Also note that “shop now ” is highlighted in a contrasting blue button color, so that it really draws the eye from the orange backdrop of the site — a slight nudge towards the more valuable of the two CTAs.
CTA Button: See Drift on your site
Studies show that our brains light up at the idea of instant gratification. Some great CTAs will leverage this bit of psychology by including words that imply a quick and easy to implement solution.
By using the word now in the headline and “see Drift on your site” on the button, a visitor to Drfit’s homepage feels like a boost to their sales is only a click away.
CTA Button: Subscribe
Building up an email list is a great way of building up your pipeline and nurturing your current customers into valuable readers. In order to keep them interested, you have to be able to provide them with quality content — time and time again.
By using “Subscribe” on their call to action button instead of “Sign up,” Hotjar makes their blog feel more like a publication worth reading. You subscribe to the New York Times, you don’t sign up.
This is a subtle yet effective way of growing your readership and email list. If you want to know more about analyzing your site and finding opportunities to grow your email list, check out Hotjar’s comprehensive guide to website analysis.
CTA Button: Get Spotify free
Spotify has a clean, colorful, and creative homepage — alongside a simple CTA. Note that they don’t just ask the user to “get Spotify,” but to “get Spotify free.”
That’s key. When something is free it is much more likely that people will give it a try, so it’s a powerful word to use in a call to action.
CTA Button: See what they’re saying
Pagerduty puts a unique and updated spin on the CTA that is focused on highlighting customer stories.
On certain points of the site, they use strong, evocative words such as “love” — to catch the eye of someone casually scrolling down the page.
Similarly, they opt for creative button copy such as “See what they’re saying.” This is a clever tactic because that language is clever, so the button stands out, and it carries a sense of longing.
Most people don’t feel much when a CTA asks them to “read more.” What that really want after clicking this button is to see what other customers are saying.
CTA Button: Go!
Similar to the SaaStr example above, BuzzSumo incorporates an interactive component by asking the user to enter information and try out the product. They also use quite possibly the quickest and most to the point call to action example: “Go!”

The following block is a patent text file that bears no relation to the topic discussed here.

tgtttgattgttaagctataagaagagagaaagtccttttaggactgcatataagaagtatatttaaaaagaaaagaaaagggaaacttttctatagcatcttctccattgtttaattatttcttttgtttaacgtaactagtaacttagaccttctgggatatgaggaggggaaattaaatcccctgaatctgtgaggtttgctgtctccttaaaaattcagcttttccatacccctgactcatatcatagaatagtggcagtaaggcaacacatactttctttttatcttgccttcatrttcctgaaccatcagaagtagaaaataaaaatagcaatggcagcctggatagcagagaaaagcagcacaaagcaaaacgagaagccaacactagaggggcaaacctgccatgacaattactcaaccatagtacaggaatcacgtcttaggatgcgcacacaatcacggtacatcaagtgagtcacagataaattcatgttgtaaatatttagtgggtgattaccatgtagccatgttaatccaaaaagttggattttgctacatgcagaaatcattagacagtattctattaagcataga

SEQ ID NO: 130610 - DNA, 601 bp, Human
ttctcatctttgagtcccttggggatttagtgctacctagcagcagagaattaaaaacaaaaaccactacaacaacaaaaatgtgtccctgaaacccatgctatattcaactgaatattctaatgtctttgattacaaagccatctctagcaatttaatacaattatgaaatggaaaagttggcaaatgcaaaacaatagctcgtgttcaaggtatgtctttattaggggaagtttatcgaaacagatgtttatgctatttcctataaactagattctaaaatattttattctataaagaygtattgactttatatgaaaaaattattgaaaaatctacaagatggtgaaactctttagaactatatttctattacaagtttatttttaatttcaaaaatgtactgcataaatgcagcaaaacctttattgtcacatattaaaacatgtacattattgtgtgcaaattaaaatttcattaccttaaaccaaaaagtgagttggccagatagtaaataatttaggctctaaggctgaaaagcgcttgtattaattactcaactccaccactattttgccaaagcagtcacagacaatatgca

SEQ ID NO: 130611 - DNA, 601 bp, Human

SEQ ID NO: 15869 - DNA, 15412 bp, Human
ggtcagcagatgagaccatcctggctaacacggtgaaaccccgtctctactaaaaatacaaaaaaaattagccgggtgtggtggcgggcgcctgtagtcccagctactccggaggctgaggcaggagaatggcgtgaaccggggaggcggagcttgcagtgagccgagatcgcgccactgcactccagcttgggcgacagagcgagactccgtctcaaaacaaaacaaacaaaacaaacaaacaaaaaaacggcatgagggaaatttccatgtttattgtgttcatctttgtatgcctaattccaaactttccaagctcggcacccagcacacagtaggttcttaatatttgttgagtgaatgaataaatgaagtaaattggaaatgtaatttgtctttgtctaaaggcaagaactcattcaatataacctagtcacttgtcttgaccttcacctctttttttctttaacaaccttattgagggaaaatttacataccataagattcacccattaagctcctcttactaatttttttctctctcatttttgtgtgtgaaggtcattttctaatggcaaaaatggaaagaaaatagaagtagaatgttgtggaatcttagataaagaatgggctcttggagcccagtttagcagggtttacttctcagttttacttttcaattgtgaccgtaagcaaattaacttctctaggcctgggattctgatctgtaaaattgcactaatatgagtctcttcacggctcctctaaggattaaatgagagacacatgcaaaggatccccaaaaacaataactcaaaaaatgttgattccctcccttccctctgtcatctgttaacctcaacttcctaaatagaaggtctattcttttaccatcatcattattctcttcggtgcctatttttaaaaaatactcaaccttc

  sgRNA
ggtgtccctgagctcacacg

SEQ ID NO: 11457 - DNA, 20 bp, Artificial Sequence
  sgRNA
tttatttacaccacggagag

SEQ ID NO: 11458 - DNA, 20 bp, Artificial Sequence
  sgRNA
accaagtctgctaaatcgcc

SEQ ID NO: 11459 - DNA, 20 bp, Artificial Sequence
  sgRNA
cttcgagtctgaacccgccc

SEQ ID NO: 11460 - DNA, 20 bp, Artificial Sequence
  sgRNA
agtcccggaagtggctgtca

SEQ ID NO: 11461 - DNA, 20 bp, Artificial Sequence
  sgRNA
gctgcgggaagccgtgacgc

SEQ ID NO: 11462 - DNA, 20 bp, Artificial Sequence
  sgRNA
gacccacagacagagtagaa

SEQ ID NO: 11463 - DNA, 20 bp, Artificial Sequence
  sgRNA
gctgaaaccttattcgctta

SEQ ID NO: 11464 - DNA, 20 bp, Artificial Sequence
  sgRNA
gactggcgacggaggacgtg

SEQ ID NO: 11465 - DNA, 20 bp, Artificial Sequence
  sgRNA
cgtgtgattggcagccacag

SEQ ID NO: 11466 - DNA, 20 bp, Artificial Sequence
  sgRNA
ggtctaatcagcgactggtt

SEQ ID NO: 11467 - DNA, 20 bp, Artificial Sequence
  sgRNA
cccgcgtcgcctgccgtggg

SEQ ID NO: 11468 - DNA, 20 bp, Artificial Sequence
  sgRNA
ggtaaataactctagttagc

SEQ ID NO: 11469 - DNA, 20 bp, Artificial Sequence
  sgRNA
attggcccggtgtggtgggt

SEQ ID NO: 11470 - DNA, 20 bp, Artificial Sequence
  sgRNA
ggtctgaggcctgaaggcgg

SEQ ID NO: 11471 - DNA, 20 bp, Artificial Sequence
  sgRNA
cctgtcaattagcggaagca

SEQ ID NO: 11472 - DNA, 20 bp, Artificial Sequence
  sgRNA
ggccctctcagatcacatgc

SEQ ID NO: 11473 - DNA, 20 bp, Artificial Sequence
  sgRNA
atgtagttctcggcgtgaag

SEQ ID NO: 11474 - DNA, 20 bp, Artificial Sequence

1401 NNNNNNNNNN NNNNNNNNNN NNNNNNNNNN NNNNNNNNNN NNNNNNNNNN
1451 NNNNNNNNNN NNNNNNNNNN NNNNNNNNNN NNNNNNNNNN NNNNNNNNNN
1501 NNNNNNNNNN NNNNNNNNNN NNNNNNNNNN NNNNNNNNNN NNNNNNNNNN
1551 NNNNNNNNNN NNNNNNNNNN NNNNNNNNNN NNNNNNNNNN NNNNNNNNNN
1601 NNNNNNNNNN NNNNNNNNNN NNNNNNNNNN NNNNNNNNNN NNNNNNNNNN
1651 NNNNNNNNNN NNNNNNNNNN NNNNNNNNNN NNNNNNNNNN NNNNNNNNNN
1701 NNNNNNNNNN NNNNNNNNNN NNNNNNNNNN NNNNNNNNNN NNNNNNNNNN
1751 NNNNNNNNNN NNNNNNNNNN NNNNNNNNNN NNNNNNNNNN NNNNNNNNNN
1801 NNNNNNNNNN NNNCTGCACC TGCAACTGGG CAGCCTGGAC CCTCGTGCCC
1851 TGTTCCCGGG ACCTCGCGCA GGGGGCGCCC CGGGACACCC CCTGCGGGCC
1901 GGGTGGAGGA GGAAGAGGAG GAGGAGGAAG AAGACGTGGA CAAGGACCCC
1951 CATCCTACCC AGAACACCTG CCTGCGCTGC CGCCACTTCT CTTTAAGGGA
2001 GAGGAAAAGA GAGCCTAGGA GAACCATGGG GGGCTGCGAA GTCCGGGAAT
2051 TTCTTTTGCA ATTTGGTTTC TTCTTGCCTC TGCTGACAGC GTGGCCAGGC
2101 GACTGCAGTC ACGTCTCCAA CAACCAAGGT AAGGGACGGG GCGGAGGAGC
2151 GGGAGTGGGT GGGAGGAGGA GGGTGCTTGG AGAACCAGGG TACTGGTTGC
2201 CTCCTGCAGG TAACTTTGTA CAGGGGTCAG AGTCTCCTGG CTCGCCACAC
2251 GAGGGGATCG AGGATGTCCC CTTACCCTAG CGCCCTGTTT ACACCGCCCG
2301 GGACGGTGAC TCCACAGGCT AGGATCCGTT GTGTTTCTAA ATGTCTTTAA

It evokes a feeling that they will get you the information you need quickly and introduces a bit of playfulness in a way that is both fresh and unexpected. Imagine how much less fun it would be if the CTA was “Search.”
CTA Button: Click to access the case study
Accessing a case study just feels like a high-level, important action.
Imagine how much less formidable that action it would sound if the CTA read, “Click to get the information.” Backlinko is making the user feel like they are important, which is always a good idea.
CTA Button: Sign up
Uber keeps their driver acquisition site plain and simple — which makes sense given that they are targeting people who have probably heard of the ridesharing company and therefore don’t need any additional information.
If they’ve navigated to this page, they are serious about driving for Uber. By cutting right to the chase, Uber comes across as a company that is serious about efficiency.
CTA Buttons: Log in with Facebook, Sign Up, Download on the app store, Get it on Google Play
This desktop landing page for Instagram primarily tries to get users to access their account with the CTAs, “Log in with Facebook” and “Sign Up.”
But this page also does something very wise with regards to its CTAs. Since the vast majority of Instagram users are on mobile, the desktop version of the app smartly points users toward the App Store and Google Play Store. It’s a good reminder that no one knows your ideal customer better than you, so use your CTAs to send your visitors where they will get the most value, no matter what platform they visit you on.
CTA Button: Shop Now